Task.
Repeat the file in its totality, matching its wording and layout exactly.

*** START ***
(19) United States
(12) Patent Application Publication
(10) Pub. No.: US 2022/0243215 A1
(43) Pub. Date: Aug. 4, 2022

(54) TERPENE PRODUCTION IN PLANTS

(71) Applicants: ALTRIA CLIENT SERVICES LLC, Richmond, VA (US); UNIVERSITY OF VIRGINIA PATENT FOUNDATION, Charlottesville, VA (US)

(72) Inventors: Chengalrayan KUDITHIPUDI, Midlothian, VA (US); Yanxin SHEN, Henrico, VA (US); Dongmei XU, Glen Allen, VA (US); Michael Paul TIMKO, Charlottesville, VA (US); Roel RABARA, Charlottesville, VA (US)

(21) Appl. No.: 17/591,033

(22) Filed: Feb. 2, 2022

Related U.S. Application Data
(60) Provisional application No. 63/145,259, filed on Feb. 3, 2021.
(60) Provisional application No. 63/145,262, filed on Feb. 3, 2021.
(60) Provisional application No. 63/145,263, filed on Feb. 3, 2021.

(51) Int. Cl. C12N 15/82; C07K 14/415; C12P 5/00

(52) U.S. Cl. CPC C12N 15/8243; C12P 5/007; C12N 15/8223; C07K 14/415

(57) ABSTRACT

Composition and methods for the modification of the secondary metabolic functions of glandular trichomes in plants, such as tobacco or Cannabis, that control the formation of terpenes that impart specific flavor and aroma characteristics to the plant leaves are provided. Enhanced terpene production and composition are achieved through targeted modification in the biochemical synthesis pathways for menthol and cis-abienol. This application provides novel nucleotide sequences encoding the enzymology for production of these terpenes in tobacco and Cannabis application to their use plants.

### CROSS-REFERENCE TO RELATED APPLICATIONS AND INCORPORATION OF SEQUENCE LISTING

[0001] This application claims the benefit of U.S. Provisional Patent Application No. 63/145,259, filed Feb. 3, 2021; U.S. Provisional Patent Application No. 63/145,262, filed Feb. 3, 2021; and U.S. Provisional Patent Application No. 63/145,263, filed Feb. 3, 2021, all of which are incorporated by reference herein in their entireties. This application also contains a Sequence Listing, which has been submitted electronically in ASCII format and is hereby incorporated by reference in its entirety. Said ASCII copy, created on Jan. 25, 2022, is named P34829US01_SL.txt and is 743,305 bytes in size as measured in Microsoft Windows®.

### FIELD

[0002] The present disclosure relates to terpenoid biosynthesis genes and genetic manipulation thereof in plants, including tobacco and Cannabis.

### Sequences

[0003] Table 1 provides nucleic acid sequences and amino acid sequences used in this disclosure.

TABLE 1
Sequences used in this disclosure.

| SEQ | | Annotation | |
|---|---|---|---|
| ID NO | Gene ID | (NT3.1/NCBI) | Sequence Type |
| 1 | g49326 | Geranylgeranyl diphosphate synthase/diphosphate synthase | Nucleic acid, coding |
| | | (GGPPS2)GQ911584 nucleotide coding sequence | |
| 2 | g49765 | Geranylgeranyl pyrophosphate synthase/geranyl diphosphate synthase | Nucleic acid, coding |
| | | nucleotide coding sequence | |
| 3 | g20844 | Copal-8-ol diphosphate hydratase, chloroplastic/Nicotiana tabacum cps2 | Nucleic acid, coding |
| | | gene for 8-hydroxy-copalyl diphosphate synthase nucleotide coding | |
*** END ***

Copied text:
(19) United States
(12) Patent Application Publication
(10) Pub. No.: US 2022/0243215 A1
(43) Pub. Date: Aug. 4, 2022

(54) TERPENE PRODUCTION IN PLANTS

(71) Applicants: ALTRIA CLIENT SERVICES LLC, Richmond, VA (US); UNIVERSITY OF VIRGINIA PATENT FOUNDATION, Charlottesville, VA (US)

(72) Inventors: Chengalrayan KUDITHIPUDI, Midlothian, VA (US); Yanxin SHEN, Henrico, VA (US); Dongmei XU, Glen Allen, VA (US); Michael Paul TIMKO, Charlottesville, VA (US); Roel RABARA, Charlottesville, VA (US)

(21) Appl. No.: 17/591,033

(22) Filed: Feb. 2, 2022

Related U.S. Application Data
(60) Provisional application No. 63/145,259, filed on Feb. 3, 2021.
(60) Provisional application No. 63/145,262, filed on Feb. 3, 2021.
(60) Provisional application No. 63/145,263, filed on Feb. 3, 2021.

(51) Int. Cl. C12N 15/82; C07K 14/415; C12P 5/00

(52) U.S. Cl. CPC C12N 15/8243; C12P 5/007; C12N 15/8223; C07K 14/415

(57) ABSTRACT

Composition and methods for the modification of the secondary metabolic functions of glandular trichomes in plants, such as tobacco or Cannabis, that control the formation of terpenes that impart specific flavor and aroma characteristics to the plant leaves are provided. Enhanced terpene production and composition are achieved through targeted modification in the biochemical synthesis pathways for menthol and cis-abienol. This application provides novel nucleotide sequences encoding the enzymology for production of these terpenes in tobacco and Cannabis application to their use plants.

### CROSS-REFERENCE TO RELATED APPLICATIONS AND INCORPORATION OF SEQUENCE LISTING

[0001] This application claims the benefit of U.S. Provisional Patent Application No. 63/145,259, filed Feb. 3, 2021; U.S. Provisional Patent Application No. 63/145,262, filed Feb. 3, 2021; and U.S. Provisional Patent Application No. 63/145,263, filed Feb. 3, 2021, all of which are incorporated by reference herein in their entireties. This application also contains a Sequence Listing, which has been submitted electronically in ASCII format and is hereby incorporated by reference in its entirety. Said ASCII copy, created on Jan. 25, 2022, is named P34829US01_SL.txt and is 743,305 bytes in size as measured in Microsoft Windows®.

### FIELD

[0002] The present disclosure relates to terpenoid biosynthesis genes and genetic manipulation thereof in plants, including tobacco and Cannabis.

### Sequences

[0003] Table 1 provides nucleic acid sequences and amino acid sequences used in this disclosure.

TABLE 1
Sequences used in this disclosure.

| SEQ | | Annotation | |
|---|---|---|---|
| ID NO | Gene ID | (NT3.1/NCBI) | Sequence Type |
| 1 | g49326 | Geranylgeranyl diphosphate synthase/diphosphate synthase | Nucleic acid, coding |
| | | (GGPPS2)GQ911584 nucleotide coding sequence | |
| 2 | g49765 | Geranylgeranyl pyrophosphate synthase/geranyl diphosphate synthase | Nucleic acid, coding |
| | | nucleotide coding sequence | |
| 3 | g20844 | Copal-8-ol diphosphate hydratase, chloroplastic/Nicotiana tabacum cps2 | Nucleic acid, coding |
| | | gene for 8-hydroxy-copalyl diphosphate synthase nucleotide coding | |